Western Trust faces £13m cuts for 2015/16

The Western Trust must make �13m of savings.
The Western Trust must make �13m of savings.

The Western Trust must make savings of £13m in the year 2015-2016 members of the Trust Board were told at a meeting this morning.

The Trust‘s chief executive Elaine Way outlined proposals contained in a draft savings plan but said that safety would remain the Trust’s priority.

It’s estimated that the Western Trust will end the current financial year with an £8.5m deficit however Elaine Way said this overspend had occurred because they are determined that the safety of services provided by the Western Trust are not impacted by financial pressures.

Chair of the Trust Gerald Guckian added: “We should never be happy with a deficit, but it’s not wasted money, it’s for the safe delivery of our services.

“There are a number of pressures on the industry including medical locums, but if we did not pay this the services would not be delivered. We cannot apologise for this.

“We spent additional money to assure the quality of care where this was appropriate

“We have to balance quality, performance and finance which is extremely difficult to do. We must keep our eye on the ball but we cannot let patients suffer because of the financial climate.”

Elaine Way said there were risks in implementing the draft budget because demand on services is increasing.

“£13m is extremely challenging,” she said. “Each day we go by without savings results in an overspend. No Trust has a fully balanced plan at this time.”

She said that the Trust had examined contingency plans for last year to see what could be carried over.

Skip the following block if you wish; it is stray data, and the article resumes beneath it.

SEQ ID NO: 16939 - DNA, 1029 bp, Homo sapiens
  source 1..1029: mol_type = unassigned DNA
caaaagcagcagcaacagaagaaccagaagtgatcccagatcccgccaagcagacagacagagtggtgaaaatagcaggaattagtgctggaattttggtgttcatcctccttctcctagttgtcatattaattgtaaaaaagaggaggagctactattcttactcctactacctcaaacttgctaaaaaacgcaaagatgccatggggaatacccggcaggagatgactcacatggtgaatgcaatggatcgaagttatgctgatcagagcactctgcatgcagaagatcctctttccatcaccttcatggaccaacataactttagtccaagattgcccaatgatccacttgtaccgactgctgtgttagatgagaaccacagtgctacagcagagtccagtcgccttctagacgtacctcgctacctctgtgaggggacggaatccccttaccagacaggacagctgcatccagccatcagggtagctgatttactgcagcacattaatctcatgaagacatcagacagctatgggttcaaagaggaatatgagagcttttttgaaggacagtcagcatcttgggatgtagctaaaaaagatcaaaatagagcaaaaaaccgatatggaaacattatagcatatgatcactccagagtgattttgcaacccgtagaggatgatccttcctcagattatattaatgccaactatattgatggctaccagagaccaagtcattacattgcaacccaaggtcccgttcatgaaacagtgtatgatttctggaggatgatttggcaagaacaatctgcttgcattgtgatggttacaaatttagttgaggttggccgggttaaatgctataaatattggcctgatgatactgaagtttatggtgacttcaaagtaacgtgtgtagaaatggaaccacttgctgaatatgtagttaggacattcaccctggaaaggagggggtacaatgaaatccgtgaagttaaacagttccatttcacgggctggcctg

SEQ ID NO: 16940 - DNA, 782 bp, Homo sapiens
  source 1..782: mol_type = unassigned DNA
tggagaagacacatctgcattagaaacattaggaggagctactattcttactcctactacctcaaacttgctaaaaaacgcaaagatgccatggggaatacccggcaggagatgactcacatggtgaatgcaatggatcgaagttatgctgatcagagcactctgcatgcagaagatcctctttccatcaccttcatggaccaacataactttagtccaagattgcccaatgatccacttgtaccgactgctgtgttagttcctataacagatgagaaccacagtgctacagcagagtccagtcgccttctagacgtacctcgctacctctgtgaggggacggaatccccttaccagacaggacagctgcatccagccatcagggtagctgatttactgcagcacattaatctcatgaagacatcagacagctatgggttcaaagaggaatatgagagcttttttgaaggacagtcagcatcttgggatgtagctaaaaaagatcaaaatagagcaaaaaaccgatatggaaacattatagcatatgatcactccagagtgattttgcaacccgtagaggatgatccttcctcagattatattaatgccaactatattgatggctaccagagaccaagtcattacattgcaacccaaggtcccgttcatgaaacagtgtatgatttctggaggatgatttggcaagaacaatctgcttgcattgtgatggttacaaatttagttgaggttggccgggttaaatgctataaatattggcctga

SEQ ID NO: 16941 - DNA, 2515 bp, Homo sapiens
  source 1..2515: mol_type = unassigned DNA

She also revealed that the Western Health and Social Care Board had already objected some of the plans in the draft budget and the current plans for savings only came in at £10.3 million

“We will be expected to close the gap,” she said. “It’s a challenging financial environment but I am proud of the Western Trust and the service it provides. I can feel the commitment of staff to deliver.

“We have a statutory duty to break even but we also a duty to provide care.”

Ms Way said that 60% of the current budget was spent on staffing.

“To deliver the £13m we have to reduce what we spend on the workforce,” she said.

“We work closely with the trade unions.

“We know if we reduce absences we can reduce spend. We are also looking at ways to roster staff more efficiently.

“In the West we have a stable workforce and a low turnover of staff so we need some form of voluntary exit scheme to accommodate staff who wish to go.”

She said plans in the draft included reducing the spend on voluntary ambulances and reducing the bank agency spend.

The Trust also plans to looks at improving staff attendance and reducing overtime.

There will also be a commitment to secure savings from management.

Savings will also be made in the procurement of pharmacy, bed remodelling, and reforming the rewards system for adults with a learning disability and adopting a model where the young adults have a celebration for the work they do rather than a financial reward.

There are also plans to save money on the meals on wheels system and reducing taxi fares.

Ms Way said there was also a commitment to pull back on areas where they have been overspending.